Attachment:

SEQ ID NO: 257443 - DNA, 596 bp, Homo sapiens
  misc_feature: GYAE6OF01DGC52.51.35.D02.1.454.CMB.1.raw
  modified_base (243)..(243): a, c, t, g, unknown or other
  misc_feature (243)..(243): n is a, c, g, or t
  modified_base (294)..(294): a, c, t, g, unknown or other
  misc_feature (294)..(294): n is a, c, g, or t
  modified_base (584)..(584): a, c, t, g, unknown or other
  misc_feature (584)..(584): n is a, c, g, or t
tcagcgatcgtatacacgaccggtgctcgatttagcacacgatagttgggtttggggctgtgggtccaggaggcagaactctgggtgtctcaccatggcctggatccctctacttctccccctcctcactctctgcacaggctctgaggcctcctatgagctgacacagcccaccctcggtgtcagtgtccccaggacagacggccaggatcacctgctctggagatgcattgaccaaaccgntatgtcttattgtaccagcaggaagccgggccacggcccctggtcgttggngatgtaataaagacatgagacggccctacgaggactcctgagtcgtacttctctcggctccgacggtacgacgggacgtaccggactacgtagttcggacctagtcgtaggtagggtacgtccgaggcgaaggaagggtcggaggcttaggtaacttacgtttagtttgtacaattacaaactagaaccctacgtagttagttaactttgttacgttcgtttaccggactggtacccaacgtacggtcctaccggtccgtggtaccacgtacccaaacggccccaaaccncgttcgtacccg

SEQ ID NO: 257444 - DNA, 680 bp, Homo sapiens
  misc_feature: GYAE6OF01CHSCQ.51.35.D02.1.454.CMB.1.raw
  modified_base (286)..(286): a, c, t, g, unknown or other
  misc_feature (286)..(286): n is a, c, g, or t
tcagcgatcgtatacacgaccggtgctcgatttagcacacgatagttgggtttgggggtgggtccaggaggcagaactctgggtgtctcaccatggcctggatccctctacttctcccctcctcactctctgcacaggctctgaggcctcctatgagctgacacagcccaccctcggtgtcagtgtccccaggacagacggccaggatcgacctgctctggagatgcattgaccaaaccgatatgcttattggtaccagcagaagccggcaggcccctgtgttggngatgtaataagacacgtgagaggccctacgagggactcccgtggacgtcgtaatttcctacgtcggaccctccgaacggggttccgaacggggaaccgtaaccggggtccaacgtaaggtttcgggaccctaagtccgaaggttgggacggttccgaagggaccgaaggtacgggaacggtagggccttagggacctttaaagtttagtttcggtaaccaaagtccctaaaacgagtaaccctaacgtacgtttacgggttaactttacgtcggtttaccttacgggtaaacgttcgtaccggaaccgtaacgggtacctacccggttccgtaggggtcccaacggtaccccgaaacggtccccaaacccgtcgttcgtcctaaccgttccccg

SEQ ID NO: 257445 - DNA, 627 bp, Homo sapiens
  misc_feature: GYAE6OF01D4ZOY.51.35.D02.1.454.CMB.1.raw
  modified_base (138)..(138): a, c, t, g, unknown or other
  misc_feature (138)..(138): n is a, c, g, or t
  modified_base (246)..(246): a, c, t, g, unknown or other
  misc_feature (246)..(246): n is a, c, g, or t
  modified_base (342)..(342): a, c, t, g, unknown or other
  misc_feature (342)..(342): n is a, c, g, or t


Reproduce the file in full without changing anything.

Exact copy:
SEQ ID NO: 257443 - DNA, 596 bp, Homo sapiens
  misc_feature: GYAE6OF01DGC52.51.35.D02.1.454.CMB.1.raw
  modified_base (243)..(243): a, c, t, g, unknown or other
  misc_feature (243)..(243): n is a, c, g, or t
  modified_base (294)..(294): a, c, t, g, unknown or other
  misc_feature (294)..(294): n is a, c, g, or t
  modified_base (584)..(584): a, c, t, g, unknown or other
  misc_feature (584)..(584): n is a, c, g, or t
tcagcgatcgtatacacgaccggtgctcgatttagcacacgatagttgggtttggggctgtgggtccaggaggcagaactctgggtgtctcaccatggcctggatccctctacttctccccctcctcactctctgcacaggctctgaggcctcctatgagctgacacagcccaccctcggtgtcagtgtccccaggacagacggccaggatcacctgctctggagatgcattgaccaaaccgntatgtcttattgtaccagcaggaagccgggccacggcccctggtcgttggngatgtaataaagacatgagacggccctacgaggactcctgagtcgtacttctctcggctccgacggtacgacgggacgtaccggactacgtagttcggacctagtcgtaggtagggtacgtccgaggcgaaggaagggtcggaggcttaggtaacttacgtttagtttgtacaattacaaactagaaccctacgtagttagttaactttgttacgttcgtttaccggactggtacccaacgtacggtcctaccggtccgtggtaccacgtacccaaacggccccaaaccncgttcgtacccg

SEQ ID NO: 257444 - DNA, 680 bp, Homo sapiens
  misc_feature: GYAE6OF01CHSCQ.51.35.D02.1.454.CMB.1.raw
  modified_base (286)..(286): a, c, t, g, unknown or other
  misc_feature (286)..(286): n is a, c, g, or t
tcagcgatcgtatacacgaccggtgctcgatttagcacacgatagttgggtttgggggtgggtccaggaggcagaactctgggtgtctcaccatggcctggatccctctacttctcccctcctcactctctgcacaggctctgaggcctcctatgagctgacacagcccaccctcggtgtcagtgtccccaggacagacggccaggatcgacctgctctggagatgcattgaccaaaccgatatgcttattggtaccagcagaagccggcaggcccctgtgttggngatgtaataagacacgtgagaggccctacgagggactcccgtggacgtcgtaatttcctacgtcggaccctccgaacggggttccgaacggggaaccgtaaccggggtccaacgtaaggtttcgggaccctaagtccgaaggttgggacggttccgaagggaccgaaggtacgggaacggtagggccttagggacctttaaagtttagtttcggtaaccaaagtccctaaaacgagtaaccctaacgtacgtttacgggttaactttacgtcggtttaccttacgggtaaacgttcgtaccggaaccgtaacgggtacctacccggttccgtaggggtcccaacggtaccccgaaacggtccccaaacccgtcgttcgtcctaaccgttccccg

SEQ ID NO: 257445 - DNA, 627 bp, Homo sapiens
  misc_feature: GYAE6OF01D4ZOY.51.35.D02.1.454.CMB.1.raw
  modified_base (138)..(138): a, c, t, g, unknown or other
  misc_feature (138)..(138): n is a, c, g, or t
  modified_base (246)..(246): a, c, t, g, unknown or other
  misc_feature (246)..(246): n is a, c, g, or t
  modified_base (342)..(342): a, c, t, g, unknown or other
  misc_feature (342)..(342): n is a, c, g, or t